Violent protests against the Agnipath scheme for recruitment in the armed forces may have fizzled out in Bihar within a week of eruption but the discord these triggered between Chief Minister Nitish Kumar’s JD(U) and ally BJP seems to have cast a long shadow on the coalition.
The JD(U), which has taken as an affront to its leader the criticism of the BJP of the administration’s handling of last week’s depredations, is now insistent on reviving the coordination committee that existed during the Atal Bihari Vajpayee era and served as a platform where differences among allies were ironed out.
“The NDA coordination committee, back then, used to be chaired by our leader George Fernandes. It used to meet every month. Now, in the absence of such a platform, people tend to voice their differences of opinion before the media instead of before each other,” JD(U) chief national general secretary K C Tyagi said.
Tyagi also took strong exception to “second-rung BJP leaders in Bihar belittling our leader every now and then, ” asserting that “nobody in the JD(U) has ever been disrespectful towards Prime Minister Narendra Modi”. “The two parties have distinct ideologies. But often leaders of the BJP express their ideological position in a way that seems to cock a snook at us and our leader,” Tyagi said, citing the examples of population control bill, uniform civil code and a nationwide NRC.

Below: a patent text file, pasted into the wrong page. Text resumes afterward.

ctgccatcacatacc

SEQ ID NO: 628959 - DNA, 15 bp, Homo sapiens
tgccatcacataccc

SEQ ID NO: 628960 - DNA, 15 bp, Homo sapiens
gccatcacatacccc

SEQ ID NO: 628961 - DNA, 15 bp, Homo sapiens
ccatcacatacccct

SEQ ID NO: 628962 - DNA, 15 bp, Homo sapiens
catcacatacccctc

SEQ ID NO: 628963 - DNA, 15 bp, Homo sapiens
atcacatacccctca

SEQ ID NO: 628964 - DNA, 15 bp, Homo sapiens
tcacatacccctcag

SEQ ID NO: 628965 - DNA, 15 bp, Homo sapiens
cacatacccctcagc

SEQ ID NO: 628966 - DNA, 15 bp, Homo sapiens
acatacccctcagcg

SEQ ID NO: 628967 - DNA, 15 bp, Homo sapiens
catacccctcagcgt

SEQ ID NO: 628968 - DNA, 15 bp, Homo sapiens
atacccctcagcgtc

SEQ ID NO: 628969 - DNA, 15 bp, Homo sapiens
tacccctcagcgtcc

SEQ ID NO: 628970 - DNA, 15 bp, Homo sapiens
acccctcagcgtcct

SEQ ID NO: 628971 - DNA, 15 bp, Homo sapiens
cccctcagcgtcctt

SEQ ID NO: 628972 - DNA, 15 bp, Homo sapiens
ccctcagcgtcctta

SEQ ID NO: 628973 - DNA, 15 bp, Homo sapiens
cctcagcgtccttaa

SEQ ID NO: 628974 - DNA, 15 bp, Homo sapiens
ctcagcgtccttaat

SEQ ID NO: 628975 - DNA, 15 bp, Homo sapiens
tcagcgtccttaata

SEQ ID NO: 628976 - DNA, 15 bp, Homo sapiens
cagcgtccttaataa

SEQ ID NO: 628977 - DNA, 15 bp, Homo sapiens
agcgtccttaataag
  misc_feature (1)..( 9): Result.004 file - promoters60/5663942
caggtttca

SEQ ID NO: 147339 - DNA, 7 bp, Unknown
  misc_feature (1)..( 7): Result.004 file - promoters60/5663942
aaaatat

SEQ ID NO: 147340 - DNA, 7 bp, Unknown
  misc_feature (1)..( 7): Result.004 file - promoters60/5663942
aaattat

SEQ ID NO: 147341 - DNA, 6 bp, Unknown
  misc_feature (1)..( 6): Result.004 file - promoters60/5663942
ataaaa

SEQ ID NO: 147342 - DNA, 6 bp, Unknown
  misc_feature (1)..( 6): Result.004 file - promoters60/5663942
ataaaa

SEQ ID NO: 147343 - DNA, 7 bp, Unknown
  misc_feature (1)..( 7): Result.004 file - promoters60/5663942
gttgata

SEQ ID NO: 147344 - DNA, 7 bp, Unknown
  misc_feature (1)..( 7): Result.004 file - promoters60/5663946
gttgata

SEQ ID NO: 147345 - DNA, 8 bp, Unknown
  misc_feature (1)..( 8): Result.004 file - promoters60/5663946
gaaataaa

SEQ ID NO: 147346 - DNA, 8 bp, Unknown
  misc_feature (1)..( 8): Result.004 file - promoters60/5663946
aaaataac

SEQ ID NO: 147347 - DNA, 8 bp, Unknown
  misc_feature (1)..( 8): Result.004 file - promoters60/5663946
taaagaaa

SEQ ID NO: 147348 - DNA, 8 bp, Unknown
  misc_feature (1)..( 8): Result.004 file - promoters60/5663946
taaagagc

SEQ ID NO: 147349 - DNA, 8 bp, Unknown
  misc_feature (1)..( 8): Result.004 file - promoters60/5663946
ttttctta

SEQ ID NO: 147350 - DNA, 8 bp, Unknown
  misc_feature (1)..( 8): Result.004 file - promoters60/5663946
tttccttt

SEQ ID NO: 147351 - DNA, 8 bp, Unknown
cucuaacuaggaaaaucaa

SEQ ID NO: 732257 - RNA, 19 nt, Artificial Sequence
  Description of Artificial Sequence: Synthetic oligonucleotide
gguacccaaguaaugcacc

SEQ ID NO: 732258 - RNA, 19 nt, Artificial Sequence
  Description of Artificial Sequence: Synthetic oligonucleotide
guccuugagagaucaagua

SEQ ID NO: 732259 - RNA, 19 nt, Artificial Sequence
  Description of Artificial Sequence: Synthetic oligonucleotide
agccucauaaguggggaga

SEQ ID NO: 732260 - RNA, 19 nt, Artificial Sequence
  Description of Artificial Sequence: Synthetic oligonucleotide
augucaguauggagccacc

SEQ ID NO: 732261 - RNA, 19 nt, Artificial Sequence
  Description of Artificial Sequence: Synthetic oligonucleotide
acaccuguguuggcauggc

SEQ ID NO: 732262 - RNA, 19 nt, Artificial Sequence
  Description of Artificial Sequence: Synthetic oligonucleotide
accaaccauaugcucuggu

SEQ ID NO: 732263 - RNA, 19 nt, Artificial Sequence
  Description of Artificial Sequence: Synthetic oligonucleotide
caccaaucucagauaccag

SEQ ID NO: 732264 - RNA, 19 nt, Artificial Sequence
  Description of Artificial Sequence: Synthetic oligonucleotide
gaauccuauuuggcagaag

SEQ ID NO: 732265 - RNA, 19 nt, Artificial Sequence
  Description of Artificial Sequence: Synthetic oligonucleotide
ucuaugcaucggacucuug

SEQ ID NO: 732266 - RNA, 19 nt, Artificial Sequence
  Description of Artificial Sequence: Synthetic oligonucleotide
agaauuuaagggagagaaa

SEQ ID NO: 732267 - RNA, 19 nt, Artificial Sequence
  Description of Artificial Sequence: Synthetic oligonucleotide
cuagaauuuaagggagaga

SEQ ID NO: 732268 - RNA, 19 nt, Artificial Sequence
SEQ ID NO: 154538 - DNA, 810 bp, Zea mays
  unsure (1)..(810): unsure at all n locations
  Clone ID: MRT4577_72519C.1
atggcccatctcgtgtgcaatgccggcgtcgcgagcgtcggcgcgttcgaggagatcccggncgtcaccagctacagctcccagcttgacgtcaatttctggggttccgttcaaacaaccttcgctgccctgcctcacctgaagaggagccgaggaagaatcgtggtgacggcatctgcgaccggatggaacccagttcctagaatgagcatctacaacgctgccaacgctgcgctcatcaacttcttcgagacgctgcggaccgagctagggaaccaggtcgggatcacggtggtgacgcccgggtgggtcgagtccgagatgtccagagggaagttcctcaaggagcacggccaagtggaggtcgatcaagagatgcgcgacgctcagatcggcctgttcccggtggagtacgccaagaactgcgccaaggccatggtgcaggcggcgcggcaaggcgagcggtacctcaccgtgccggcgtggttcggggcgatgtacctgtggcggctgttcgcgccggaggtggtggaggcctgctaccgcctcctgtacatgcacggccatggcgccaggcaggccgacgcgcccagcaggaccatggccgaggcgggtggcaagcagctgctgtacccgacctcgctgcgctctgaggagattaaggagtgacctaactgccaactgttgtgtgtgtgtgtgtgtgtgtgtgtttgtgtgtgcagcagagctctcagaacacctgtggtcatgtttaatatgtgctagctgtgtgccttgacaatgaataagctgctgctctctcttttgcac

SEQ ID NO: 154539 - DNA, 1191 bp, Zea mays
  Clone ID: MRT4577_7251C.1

The veteran JD(U) leader also seems to be miffed with the swagger many BJP leaders tend to display while flaunting their status as a numerically superior alliance partner.
He seeks to remind the BJP that announcement of Kumar as the chief ministerial candidate in the thick of assembly elections in November 2005, had helped the NDA clinch a decisive victory and unseat the seemingly invincible Lalu Prasad.
He also objects to some BJP leaders’ contention that Kumar, who had allied with Prasad a few years ago, was an unreliable ally, pointing out “in 2010 assembly polls, we had won 115 seats, only seven short of a full majority. We could have junked the BJP in an attempt to undercut it and still managed to form a government. But we did not do so”.
The break-up came three years later, with the ascendance of Narendra Modi, then the chief minister of Gujarat, who was deemed too controversial for his alleged role in post-Godhra riots, for allies like Kumar who have studiously cultivated a “secular” image.
With inputs from News18